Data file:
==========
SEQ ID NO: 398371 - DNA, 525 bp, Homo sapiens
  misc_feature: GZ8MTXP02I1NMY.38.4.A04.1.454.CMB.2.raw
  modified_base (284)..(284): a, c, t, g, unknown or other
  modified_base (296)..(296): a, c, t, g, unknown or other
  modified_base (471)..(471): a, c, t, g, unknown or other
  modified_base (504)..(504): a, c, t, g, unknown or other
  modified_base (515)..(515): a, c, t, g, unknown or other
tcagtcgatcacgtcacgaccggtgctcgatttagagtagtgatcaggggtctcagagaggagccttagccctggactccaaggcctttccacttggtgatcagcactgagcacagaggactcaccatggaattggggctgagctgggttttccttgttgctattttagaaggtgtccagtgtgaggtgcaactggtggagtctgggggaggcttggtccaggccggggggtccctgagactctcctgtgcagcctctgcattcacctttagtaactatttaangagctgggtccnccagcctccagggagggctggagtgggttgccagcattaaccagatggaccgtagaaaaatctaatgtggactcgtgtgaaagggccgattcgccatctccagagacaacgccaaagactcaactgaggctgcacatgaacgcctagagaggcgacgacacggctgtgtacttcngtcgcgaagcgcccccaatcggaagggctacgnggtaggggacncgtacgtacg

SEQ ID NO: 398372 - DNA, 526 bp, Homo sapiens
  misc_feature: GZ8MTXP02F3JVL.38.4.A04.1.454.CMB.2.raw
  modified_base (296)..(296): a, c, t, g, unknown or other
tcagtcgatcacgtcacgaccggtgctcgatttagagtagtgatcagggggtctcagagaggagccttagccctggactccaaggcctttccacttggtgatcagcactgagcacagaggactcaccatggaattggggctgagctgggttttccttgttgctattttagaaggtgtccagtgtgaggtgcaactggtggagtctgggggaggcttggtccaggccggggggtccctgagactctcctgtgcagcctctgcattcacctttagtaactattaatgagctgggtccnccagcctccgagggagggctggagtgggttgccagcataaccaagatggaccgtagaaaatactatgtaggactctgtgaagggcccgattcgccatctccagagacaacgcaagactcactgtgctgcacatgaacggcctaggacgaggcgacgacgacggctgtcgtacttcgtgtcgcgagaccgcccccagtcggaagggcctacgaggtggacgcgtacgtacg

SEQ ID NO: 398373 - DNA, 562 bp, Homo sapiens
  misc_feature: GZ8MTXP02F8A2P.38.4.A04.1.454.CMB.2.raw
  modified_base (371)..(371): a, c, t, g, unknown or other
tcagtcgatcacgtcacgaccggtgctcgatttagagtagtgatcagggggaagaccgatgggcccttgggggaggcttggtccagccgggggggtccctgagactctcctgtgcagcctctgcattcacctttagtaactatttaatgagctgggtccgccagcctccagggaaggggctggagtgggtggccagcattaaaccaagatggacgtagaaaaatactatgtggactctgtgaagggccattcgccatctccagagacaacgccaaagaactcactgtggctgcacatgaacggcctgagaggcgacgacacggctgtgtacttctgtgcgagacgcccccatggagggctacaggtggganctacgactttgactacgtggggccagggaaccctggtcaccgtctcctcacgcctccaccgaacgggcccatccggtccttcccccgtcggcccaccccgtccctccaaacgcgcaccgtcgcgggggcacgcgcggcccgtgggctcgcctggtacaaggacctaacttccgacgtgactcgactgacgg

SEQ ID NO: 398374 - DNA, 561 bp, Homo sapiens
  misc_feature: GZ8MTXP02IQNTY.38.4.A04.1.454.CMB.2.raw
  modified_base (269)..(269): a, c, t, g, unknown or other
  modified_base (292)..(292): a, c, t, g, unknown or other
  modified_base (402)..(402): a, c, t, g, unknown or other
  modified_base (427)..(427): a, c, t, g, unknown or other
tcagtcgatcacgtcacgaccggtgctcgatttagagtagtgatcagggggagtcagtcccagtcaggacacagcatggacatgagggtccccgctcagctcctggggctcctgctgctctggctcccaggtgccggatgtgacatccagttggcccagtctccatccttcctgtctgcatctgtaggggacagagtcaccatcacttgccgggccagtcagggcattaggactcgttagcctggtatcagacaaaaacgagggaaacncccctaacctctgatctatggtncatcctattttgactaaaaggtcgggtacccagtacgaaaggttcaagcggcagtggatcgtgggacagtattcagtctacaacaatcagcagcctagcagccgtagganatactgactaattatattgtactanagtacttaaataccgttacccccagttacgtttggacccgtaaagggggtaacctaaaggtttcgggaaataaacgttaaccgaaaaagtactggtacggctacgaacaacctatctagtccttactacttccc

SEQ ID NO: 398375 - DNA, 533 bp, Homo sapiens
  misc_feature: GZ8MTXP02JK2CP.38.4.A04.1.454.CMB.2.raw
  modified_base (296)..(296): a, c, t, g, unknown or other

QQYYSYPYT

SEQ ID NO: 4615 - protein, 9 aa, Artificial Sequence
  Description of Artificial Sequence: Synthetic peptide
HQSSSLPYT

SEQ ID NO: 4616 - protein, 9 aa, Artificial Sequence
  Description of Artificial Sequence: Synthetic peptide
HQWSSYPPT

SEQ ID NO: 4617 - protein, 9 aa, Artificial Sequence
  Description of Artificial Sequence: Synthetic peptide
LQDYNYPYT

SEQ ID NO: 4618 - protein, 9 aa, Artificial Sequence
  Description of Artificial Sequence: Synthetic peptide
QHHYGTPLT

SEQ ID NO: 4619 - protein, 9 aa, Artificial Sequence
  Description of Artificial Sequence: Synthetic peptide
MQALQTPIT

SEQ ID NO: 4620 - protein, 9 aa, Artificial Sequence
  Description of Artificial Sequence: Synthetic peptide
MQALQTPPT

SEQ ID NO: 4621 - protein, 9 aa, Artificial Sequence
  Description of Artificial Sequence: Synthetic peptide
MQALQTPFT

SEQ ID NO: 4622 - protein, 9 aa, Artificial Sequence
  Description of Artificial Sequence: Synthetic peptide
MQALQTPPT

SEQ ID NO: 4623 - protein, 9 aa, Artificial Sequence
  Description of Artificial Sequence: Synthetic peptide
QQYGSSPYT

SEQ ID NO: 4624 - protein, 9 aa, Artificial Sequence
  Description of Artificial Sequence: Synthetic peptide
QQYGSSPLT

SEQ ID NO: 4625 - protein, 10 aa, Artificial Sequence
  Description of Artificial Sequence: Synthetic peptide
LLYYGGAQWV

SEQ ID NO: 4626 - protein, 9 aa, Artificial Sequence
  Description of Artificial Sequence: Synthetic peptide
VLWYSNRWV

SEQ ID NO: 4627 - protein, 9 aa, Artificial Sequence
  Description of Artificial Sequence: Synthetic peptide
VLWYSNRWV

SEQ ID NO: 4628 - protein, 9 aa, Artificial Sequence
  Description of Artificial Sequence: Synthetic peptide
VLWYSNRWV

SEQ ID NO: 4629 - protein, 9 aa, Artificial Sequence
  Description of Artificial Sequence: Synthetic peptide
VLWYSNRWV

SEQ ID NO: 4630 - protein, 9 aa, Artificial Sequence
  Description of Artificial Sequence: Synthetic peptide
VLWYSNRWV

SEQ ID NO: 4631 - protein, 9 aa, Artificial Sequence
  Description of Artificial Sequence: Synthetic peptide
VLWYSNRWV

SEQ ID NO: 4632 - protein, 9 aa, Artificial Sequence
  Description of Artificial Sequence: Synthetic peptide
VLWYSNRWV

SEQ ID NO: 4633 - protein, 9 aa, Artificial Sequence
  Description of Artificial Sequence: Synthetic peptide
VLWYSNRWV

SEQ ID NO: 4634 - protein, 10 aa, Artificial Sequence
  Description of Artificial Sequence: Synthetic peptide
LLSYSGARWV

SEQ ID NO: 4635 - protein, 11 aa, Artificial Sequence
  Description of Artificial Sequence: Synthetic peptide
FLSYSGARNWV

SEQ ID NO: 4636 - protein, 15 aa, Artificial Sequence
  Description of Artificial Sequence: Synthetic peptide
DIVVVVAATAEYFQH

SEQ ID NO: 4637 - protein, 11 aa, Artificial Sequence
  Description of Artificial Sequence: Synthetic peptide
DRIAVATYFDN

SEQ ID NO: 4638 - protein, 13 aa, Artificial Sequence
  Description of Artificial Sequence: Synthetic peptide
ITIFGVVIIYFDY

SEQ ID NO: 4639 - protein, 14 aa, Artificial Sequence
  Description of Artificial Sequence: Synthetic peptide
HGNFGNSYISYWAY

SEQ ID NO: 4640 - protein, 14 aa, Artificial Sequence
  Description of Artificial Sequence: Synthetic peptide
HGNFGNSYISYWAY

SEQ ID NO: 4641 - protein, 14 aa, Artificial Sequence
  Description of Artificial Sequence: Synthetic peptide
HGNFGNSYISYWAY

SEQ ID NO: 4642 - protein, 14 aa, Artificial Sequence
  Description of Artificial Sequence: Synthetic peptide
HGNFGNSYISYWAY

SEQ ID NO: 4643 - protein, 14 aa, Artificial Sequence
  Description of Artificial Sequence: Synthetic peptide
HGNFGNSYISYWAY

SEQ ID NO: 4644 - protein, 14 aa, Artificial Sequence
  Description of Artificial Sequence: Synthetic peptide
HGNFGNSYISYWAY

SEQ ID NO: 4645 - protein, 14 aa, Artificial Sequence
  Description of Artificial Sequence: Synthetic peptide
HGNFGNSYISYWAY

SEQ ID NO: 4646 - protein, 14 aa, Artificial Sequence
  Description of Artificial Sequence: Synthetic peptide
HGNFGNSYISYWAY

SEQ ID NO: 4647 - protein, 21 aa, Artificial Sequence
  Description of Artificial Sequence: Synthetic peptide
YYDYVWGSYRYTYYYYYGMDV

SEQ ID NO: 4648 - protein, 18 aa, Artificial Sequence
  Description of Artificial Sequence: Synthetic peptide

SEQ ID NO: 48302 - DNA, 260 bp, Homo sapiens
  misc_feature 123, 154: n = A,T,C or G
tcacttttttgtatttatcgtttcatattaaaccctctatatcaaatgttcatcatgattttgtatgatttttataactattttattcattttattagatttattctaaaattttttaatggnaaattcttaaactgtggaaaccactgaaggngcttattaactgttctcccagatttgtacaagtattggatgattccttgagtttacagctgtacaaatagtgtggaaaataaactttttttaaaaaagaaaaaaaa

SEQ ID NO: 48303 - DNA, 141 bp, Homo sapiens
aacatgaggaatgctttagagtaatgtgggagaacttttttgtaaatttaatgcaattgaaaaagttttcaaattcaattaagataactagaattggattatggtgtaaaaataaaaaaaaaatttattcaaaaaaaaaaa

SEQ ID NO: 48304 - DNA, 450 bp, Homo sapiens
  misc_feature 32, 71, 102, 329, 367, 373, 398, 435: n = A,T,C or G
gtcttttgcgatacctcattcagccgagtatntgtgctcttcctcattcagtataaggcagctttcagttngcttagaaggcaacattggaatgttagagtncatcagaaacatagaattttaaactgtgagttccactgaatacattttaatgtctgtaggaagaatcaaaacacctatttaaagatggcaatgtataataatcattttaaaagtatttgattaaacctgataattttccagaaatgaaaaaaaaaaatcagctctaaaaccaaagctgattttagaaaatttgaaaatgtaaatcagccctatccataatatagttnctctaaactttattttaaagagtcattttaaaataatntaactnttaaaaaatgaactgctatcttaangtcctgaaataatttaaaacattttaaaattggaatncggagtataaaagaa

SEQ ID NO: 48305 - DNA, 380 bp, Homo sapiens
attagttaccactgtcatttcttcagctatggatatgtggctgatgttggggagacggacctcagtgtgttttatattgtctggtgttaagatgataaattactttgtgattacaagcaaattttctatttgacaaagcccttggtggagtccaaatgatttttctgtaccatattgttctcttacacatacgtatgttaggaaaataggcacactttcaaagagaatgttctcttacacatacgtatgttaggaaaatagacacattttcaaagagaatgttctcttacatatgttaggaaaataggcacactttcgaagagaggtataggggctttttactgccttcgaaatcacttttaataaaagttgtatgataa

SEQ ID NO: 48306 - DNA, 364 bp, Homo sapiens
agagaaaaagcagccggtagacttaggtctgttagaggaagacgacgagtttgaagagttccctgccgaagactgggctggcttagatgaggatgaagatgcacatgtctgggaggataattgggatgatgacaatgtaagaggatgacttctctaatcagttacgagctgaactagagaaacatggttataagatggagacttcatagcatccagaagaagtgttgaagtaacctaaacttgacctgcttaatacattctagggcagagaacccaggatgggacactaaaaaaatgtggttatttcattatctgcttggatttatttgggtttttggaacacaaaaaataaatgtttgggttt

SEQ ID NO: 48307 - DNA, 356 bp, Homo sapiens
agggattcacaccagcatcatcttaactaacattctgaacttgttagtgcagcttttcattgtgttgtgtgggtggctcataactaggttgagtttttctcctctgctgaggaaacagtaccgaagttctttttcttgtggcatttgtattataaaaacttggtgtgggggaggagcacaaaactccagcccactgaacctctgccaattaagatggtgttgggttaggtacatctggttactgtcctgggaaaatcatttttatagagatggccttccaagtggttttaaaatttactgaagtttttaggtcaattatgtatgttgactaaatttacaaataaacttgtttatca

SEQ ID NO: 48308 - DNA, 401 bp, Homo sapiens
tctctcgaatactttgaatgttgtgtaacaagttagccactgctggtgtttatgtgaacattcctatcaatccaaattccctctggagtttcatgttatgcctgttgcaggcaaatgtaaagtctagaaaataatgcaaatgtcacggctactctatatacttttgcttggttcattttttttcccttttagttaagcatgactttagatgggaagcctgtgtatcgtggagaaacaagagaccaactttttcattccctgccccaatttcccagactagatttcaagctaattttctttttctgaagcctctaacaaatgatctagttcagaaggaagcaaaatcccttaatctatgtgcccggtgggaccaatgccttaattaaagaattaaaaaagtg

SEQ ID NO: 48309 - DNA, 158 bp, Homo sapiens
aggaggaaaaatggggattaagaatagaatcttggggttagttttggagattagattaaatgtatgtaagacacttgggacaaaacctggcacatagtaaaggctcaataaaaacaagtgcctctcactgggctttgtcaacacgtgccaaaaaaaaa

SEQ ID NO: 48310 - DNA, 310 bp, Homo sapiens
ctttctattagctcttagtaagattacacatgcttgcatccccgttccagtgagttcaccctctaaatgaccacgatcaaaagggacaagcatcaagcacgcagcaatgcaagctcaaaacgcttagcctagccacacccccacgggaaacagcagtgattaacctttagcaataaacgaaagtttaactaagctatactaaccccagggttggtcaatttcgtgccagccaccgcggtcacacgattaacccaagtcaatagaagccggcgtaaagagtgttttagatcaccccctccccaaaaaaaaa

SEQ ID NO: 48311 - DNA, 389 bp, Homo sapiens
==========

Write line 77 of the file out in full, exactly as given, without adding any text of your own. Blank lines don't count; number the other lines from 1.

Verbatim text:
  Description of Artificial Sequence: Synthetic peptide